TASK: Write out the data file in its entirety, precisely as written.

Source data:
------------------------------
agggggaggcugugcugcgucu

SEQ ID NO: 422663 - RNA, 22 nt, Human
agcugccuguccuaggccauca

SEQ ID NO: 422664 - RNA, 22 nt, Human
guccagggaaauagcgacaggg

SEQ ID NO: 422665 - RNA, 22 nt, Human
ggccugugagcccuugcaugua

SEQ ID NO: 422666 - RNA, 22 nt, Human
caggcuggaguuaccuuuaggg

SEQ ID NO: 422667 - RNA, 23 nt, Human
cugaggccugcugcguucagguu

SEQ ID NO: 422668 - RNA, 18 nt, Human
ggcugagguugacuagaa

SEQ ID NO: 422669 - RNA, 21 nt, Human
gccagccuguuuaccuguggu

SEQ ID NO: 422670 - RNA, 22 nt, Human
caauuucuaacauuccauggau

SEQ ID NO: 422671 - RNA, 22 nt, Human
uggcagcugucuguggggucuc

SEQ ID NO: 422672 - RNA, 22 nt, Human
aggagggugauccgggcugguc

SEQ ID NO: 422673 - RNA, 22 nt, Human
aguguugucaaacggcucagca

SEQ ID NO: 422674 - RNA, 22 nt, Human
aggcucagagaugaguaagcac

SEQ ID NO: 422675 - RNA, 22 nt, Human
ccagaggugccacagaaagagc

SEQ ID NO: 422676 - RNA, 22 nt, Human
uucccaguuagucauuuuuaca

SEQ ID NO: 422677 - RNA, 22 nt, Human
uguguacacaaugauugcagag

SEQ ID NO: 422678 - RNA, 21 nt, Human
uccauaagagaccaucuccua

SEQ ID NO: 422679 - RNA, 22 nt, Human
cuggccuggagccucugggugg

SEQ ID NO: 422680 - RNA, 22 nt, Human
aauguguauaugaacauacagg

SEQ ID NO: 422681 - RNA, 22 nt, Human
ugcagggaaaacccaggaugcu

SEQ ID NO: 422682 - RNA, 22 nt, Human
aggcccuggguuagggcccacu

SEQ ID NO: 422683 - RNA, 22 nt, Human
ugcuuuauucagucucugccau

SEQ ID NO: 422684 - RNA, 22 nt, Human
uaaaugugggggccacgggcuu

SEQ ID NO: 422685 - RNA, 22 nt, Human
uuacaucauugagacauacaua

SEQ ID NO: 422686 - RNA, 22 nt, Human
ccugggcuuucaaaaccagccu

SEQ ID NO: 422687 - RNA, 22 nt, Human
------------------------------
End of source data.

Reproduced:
agggggaggcugugcugcgucu

SEQ ID NO: 422663 - RNA, 22 nt, Human
agcugccuguccuaggccauca

SEQ ID NO: 422664 - RNA, 22 nt, Human
guccagggaaauagcgacaggg

SEQ ID NO: 422665 - RNA, 22 nt, Human
ggccugugagcccuugcaugua

SEQ ID NO: 422666 - RNA, 22 nt, Human
caggcuggaguuaccuuuaggg

SEQ ID NO: 422667 - RNA, 23 nt, Human
cugaggccugcugcguucagguu

SEQ ID NO: 422668 - RNA, 18 nt, Human
ggcugagguugacuagaa

SEQ ID NO: 422669 - RNA, 21 nt, Human
gccagccuguuuaccuguggu

SEQ ID NO: 422670 - RNA, 22 nt, Human
caauuucuaacauuccauggau

SEQ ID NO: 422671 - RNA, 22 nt, Human
uggcagcugucuguggggucuc

SEQ ID NO: 422672 - RNA, 22 nt, Human
aggagggugauccgggcugguc

SEQ ID NO: 422673 - RNA, 22 nt, Human
aguguugucaaacggcucagca

SEQ ID NO: 422674 - RNA, 22 nt, Human
aggcucagagaugaguaagcac

SEQ ID NO: 422675 - RNA, 22 nt, Human
ccagaggugccacagaaagagc

SEQ ID NO: 422676 - RNA, 22 nt, Human
uucccaguuagucauuuuuaca

SEQ ID NO: 422677 - RNA, 22 nt, Human
uguguacacaaugauugcagag

SEQ ID NO: 422678 - RNA, 21 nt, Human
uccauaagagaccaucuccua

SEQ ID NO: 422679 - RNA, 22 nt, Human
cuggccuggagccucugggugg

SEQ ID NO: 422680 - RNA, 22 nt, Human
aauguguauaugaacauacagg

SEQ ID NO: 422681 - RNA, 22 nt, Human
ugcagggaaaacccaggaugcu

SEQ ID NO: 422682 - RNA, 22 nt, Human
aggcccuggguuagggcccacu

SEQ ID NO: 422683 - RNA, 22 nt, Human
ugcuuuauucagucucugccau

SEQ ID NO: 422684 - RNA, 22 nt, Human
uaaaugugggggccacgggcuu

SEQ ID NO: 422685 - RNA, 22 nt, Human
uuacaucauugagacauacaua

SEQ ID NO: 422686 - RNA, 22 nt, Human
ccugggcuuucaaaaccagccu

SEQ ID NO: 422687 - RNA, 22 nt, Human